Nancy and I headed for the amazing lower level food halls, grabbed a bite at the newish tapas bar here and ogled and gaped at goods we couldn't afford. As we left we saw the Harrod's doorman politely trying to get the chauffeurs to move their double-parked luxury cars which were blocking the entrance for everyone else. We headed back on the tube, which by then was crowded with rush hour commuters.

We needed to find rest rooms so stopped at a pub where we quenched our thirsts with others we had met on the cruise. Using our map, we aimed our walk toward Big Ben and the London Eye on foot, passing the Houses of Parliament and loads of other tourists.

When crossing streets, visitors from the States have a tendency to first look left and then step off the curb as they look right — a surefire way to get hit in traffic that moves opposite our own on the right side of the street. So intersections often have "Look Right" emblazoned on the pavement just to remind us not to step in front of oncoming cars.
Dusk was beginning to gather as Nancy stood in line to buy a London Eye ticket. That's the huge ferris wheel built for the Millennium, but still going strong on the south bank of the Thames. I'd been on it when it was new and recommend it highly, but didn't want to pay the approximately $20 to ride again. Each car holds 20 passengers who stand in an egg-like plexiglas compartment. It moves so slowly that from the ground it's hard to tell it's moving at all. One circuit takes a half hour and gives riders fabulous views of central London. Nancy said she enjoyed it although her camera battery went dead at a critical time, so she didn't get the photos she wanted.
I'd hoped to have time to take a Thames cruise from Tate Britain near our hotel to Tate Modern, downriver. Both are extraordinary museums and it's a little known and inexpensive way to travel between them, giving passengers a relaxing way to see the city. But darkness had fallen by then and we needed to get back to pack for our early morning departures for the airport and our flights back home.

We weren't really hungry, but Nancy wanted to try fish and chips before leaving London, and after nonstop food aboard the ship we figured we could probably manage it. So we popped into a pub just a few blocks from our hotel and ordered a platter of fish and chips. Here's Nancy ordering at the bar.

stonehenge & salisbury england

Stonehenge was on our itinerary en route back from Southampton to London following our two-day cruise aboard the new Celebrity Solstice. We'd departed and were on the coach when we learned that we would also be visiting Salisbury Cathedral, which was especially exciting for me since I'd spent two days there in 1982 and climbed up to the spire on a tour. Then we discovered three passengers who had overslept and missed the departure, had been left behind. We'd all been informed that if we missed the 9 a.m. Friday departure, we'd have to take the train back to London. But the bus turned around to retrieve them anyway. It was annoying to learn our visits would be cut short since we had to go back, but my fellow travel writers were polite and refrained from booing and hissing them as they boarded the coach.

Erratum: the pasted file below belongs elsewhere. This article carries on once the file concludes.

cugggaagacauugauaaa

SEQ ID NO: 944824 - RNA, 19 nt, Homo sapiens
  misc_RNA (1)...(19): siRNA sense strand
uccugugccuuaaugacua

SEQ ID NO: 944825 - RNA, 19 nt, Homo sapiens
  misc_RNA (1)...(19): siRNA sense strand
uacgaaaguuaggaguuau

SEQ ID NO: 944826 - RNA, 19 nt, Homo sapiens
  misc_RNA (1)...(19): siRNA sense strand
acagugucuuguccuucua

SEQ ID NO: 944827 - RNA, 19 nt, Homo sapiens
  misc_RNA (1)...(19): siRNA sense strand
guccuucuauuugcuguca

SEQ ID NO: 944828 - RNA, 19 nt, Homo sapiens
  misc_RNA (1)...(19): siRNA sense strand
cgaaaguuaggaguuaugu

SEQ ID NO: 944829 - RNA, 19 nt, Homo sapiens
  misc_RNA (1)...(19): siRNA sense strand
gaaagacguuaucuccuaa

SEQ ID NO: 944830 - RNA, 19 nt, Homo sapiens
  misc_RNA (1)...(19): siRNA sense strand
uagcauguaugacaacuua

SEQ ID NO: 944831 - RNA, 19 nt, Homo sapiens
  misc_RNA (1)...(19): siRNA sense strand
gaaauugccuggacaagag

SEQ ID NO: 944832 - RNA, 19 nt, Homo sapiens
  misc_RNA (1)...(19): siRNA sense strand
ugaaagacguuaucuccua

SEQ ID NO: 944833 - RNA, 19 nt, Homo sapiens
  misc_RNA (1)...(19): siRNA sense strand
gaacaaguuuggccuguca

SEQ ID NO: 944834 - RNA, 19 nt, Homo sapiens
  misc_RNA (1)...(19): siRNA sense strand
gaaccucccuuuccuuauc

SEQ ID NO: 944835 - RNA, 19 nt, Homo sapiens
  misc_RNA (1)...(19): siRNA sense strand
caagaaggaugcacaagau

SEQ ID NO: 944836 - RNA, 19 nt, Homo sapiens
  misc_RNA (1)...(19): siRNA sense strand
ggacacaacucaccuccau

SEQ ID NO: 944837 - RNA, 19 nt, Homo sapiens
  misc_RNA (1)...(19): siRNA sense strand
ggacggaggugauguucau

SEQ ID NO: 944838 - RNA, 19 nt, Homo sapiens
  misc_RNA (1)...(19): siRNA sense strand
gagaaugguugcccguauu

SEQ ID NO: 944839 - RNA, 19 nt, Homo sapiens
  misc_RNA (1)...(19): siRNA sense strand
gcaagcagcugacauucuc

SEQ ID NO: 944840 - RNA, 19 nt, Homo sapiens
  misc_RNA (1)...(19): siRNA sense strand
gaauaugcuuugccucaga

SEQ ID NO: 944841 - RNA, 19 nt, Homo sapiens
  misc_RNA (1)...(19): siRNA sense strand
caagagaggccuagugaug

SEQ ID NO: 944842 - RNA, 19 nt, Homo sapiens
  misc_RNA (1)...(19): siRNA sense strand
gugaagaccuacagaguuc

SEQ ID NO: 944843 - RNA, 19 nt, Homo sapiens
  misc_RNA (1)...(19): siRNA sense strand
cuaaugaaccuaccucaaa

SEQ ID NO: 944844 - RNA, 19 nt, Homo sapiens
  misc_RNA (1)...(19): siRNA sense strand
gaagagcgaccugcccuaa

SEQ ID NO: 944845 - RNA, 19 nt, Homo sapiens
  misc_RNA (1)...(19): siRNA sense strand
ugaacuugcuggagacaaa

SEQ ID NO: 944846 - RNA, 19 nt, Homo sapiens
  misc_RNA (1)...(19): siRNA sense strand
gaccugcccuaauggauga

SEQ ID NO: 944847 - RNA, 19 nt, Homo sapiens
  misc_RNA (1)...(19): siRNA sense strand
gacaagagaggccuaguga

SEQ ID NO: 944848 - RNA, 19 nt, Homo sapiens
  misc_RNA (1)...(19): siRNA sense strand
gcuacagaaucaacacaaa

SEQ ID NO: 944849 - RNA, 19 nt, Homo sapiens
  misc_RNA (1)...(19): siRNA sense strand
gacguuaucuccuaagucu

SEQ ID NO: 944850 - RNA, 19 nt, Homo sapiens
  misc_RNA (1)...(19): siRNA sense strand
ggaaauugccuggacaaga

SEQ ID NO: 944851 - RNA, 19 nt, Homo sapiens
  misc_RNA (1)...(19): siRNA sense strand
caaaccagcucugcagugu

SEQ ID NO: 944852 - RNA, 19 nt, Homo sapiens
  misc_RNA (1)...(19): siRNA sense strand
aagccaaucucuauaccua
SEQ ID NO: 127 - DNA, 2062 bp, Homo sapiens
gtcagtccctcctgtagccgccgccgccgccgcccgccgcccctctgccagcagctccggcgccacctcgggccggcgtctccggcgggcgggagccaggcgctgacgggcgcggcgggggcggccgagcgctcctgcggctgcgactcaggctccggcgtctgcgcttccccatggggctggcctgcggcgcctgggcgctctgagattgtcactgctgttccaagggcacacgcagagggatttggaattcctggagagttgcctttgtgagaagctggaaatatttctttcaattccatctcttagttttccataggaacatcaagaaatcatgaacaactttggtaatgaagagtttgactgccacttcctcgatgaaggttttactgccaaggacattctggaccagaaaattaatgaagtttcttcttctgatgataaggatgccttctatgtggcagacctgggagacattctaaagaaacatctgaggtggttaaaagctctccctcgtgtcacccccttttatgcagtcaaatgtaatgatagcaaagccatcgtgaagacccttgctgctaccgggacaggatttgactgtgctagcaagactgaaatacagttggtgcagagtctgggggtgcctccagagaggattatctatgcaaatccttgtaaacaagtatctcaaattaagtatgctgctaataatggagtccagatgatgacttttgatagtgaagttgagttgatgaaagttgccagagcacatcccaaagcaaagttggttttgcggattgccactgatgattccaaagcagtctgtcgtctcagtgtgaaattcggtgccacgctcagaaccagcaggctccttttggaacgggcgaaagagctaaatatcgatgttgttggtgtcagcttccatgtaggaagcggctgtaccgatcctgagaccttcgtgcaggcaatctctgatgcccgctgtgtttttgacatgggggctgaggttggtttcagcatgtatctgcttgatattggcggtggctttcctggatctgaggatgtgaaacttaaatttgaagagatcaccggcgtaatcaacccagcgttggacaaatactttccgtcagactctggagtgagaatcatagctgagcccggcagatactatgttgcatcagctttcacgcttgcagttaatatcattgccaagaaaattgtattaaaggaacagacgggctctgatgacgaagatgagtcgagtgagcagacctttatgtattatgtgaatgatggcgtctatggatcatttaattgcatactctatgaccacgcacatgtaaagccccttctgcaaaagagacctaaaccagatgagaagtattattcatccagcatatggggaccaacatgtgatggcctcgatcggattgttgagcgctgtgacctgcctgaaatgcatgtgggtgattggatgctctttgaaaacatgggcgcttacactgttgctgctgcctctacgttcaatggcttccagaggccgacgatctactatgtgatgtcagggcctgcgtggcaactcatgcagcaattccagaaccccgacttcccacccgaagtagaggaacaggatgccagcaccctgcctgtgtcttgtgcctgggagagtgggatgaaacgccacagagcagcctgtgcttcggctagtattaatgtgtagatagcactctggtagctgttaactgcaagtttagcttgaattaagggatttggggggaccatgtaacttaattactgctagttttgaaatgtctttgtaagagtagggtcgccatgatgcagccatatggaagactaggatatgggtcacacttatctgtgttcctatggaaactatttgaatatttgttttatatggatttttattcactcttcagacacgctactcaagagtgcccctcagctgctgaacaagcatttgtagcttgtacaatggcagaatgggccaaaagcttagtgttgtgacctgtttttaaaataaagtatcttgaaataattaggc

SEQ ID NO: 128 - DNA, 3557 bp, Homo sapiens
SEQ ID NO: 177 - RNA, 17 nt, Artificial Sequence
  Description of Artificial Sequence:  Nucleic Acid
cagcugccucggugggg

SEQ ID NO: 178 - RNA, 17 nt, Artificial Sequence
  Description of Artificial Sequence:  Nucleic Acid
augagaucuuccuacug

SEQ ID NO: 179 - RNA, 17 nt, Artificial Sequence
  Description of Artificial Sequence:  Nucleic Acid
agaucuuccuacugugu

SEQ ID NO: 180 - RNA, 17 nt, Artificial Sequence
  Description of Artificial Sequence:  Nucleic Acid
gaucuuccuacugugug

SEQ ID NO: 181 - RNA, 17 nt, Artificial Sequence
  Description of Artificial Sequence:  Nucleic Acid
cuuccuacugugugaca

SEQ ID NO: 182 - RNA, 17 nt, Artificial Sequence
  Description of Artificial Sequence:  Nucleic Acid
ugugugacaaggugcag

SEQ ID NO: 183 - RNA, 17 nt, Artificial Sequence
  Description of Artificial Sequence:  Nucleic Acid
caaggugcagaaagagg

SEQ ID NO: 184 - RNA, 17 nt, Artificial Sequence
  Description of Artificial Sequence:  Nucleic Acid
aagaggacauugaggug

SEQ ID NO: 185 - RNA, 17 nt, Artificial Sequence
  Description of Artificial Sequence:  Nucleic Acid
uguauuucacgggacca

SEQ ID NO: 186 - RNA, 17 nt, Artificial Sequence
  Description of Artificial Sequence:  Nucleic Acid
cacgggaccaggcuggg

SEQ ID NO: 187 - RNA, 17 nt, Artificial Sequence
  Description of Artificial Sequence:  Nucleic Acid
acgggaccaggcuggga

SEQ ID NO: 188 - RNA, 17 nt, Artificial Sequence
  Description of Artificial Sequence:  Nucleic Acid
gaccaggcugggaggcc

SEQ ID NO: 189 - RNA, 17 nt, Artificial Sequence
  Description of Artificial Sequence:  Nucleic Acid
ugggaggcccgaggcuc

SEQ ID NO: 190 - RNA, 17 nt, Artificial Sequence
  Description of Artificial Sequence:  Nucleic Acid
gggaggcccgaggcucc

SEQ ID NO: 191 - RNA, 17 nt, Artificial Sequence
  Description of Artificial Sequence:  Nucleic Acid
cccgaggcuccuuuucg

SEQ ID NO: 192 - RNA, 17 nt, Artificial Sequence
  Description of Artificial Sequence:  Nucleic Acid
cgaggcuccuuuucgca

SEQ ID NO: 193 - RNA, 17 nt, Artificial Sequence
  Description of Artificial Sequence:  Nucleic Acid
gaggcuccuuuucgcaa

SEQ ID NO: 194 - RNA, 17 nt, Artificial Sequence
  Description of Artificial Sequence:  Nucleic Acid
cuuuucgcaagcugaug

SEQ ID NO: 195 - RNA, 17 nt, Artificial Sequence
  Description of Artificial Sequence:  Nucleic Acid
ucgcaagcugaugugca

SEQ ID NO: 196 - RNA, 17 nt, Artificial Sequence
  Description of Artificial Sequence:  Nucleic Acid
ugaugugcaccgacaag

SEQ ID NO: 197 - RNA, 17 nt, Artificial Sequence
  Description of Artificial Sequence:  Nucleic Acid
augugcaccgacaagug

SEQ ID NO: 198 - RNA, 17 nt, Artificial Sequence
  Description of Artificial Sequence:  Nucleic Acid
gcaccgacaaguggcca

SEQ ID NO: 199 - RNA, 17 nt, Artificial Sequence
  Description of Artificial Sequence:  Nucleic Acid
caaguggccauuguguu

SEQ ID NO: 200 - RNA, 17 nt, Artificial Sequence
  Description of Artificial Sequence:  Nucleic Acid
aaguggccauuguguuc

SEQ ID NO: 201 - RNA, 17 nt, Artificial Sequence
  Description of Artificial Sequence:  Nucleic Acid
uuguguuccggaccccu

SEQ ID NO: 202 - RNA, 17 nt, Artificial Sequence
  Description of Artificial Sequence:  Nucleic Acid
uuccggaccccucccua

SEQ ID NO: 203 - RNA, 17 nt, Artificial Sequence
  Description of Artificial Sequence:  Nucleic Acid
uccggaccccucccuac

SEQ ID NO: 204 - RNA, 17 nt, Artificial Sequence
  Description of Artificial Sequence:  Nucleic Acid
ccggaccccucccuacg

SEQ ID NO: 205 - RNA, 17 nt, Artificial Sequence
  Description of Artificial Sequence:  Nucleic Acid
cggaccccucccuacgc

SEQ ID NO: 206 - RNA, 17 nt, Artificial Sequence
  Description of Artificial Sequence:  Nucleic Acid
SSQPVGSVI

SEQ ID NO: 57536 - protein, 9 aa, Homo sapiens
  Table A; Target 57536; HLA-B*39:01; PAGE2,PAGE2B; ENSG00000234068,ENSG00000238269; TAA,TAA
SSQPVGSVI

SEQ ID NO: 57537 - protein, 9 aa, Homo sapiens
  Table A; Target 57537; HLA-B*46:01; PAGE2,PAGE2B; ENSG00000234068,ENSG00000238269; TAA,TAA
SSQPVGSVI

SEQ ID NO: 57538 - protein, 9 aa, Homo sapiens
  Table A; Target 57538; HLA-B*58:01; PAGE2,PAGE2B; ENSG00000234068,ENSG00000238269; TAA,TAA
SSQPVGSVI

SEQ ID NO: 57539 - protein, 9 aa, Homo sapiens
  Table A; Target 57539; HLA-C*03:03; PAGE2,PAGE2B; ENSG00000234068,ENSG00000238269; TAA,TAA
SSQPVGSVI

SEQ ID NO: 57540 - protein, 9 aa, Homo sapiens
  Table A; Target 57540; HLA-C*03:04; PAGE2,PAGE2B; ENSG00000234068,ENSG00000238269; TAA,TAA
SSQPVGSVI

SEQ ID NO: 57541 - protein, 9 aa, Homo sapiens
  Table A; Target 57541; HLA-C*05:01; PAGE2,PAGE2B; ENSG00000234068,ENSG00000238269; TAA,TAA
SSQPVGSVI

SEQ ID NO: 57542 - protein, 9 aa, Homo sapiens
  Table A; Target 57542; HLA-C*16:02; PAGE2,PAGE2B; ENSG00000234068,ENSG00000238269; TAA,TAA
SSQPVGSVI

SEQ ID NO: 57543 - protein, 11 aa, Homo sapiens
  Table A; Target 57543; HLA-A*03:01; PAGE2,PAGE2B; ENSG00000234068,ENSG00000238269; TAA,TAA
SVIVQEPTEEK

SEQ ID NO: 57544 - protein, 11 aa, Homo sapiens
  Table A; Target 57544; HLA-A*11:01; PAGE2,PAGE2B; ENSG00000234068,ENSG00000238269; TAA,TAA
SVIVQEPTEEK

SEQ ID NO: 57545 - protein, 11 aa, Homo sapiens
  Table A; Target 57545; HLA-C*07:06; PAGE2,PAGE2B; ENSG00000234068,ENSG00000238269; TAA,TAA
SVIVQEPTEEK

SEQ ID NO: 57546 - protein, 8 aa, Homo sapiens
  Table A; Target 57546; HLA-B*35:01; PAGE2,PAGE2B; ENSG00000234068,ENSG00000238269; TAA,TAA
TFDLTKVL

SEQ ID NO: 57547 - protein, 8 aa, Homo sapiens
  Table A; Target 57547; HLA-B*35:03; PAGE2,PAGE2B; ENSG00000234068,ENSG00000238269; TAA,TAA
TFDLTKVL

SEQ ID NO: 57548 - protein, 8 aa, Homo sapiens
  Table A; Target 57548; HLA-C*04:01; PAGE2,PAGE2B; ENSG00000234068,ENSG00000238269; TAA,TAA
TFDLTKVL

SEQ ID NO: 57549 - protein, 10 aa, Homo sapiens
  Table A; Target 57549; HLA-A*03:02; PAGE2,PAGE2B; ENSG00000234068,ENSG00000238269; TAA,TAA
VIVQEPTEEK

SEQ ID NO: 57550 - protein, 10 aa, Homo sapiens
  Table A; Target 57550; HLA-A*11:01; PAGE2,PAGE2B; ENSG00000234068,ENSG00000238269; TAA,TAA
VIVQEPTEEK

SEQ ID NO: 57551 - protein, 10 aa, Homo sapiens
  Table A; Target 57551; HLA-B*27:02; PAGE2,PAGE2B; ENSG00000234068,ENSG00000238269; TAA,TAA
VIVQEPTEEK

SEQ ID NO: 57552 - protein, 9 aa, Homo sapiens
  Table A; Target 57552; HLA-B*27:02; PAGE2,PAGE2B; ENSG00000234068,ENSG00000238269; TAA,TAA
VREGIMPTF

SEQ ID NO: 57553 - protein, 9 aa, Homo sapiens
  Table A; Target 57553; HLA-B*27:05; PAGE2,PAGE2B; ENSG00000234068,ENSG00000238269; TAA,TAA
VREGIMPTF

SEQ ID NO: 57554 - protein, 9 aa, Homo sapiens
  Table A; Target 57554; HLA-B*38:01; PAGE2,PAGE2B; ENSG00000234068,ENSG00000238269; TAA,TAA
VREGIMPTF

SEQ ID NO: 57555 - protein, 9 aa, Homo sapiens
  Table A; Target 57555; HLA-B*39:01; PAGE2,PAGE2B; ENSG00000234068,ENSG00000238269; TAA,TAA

Salisbury was ever bit as charming as it was nearly 30 years ago. The Cathedral itself was clad in scaffolding for one of the country's endless rehabs. Built in 1220 it escaped bombing in World War 2 and its spire remains one of the tallest in Europe. Inside was as amazing as I'd remembered.

And our guide, Rosamund Forester, made it even better. She's a Blue Badge Guide member of the Institute of Tourist Guides...reassuring for writers like me who depend on having accurate information for our whirlwind visits. Forester pointed out holes behind the angel statues on the front of the cathedral. "The choir sat there and sang through the holes so villagers would think they were hearing the songs of angels," she told us. Built originally as a Catholic cathedral, it switched to Church of England (Anglican there, Episcopal here) during the reign of Henry VIII, who abolished Catholicism so he could get a divorce.

Next came a quickie visit to Stonehenge, made all the quicker with the traffic jam encountered upon our approach. Legends and theories abound for the origins of the prehistoric stone monument on the Salisbury Plain. Begun more than 5,000 years ago, it consists of stone brought from 240 miles away before the wheel had been invented. Some think it was built by aliens, and supporters of that theory and others make themselves known to today's visitors. When I was last there, a tall chain link fence surrounded the stones and no one could approach closer than 50 yards. People on my coach who visited in the '70s said back then they were able to walk among the stones and actually touch them.

Now there is a low knee-high barrier strung around Stonehenge so people can't approach the stones but are able to take photos without having the fence in view. A free audio tour is included with admission to give background, but we had less than 40 minutes for our visit so there wasn't time.
Rosamund, however, told us that discoveries about Stonehenge continue to this day and now there's a plan in the works that would assemble visitors at a visitor center a mile or so away where they'd learn about the monument. They'll then be shuttled in small groups to the stones where they could take up-close tours with a guide. English people are generally displeased with this plan, she told us. But it's similar to what's in place at Newgrange in Northern Ireland which I visited last year and wrote about for the Dec. 21, 2008 travel section. (Enter Newgrange in the blank at the top of web site and you may be able to see it)

Newgrange was a simply amazing experience I'll remember the rest of my life. It was not diminished at all by the small group controls. I think the need to preserve these ancient sites dictates that we must put in place plans to minimize human impact on them so they'll be there for people to view in millenniums hence.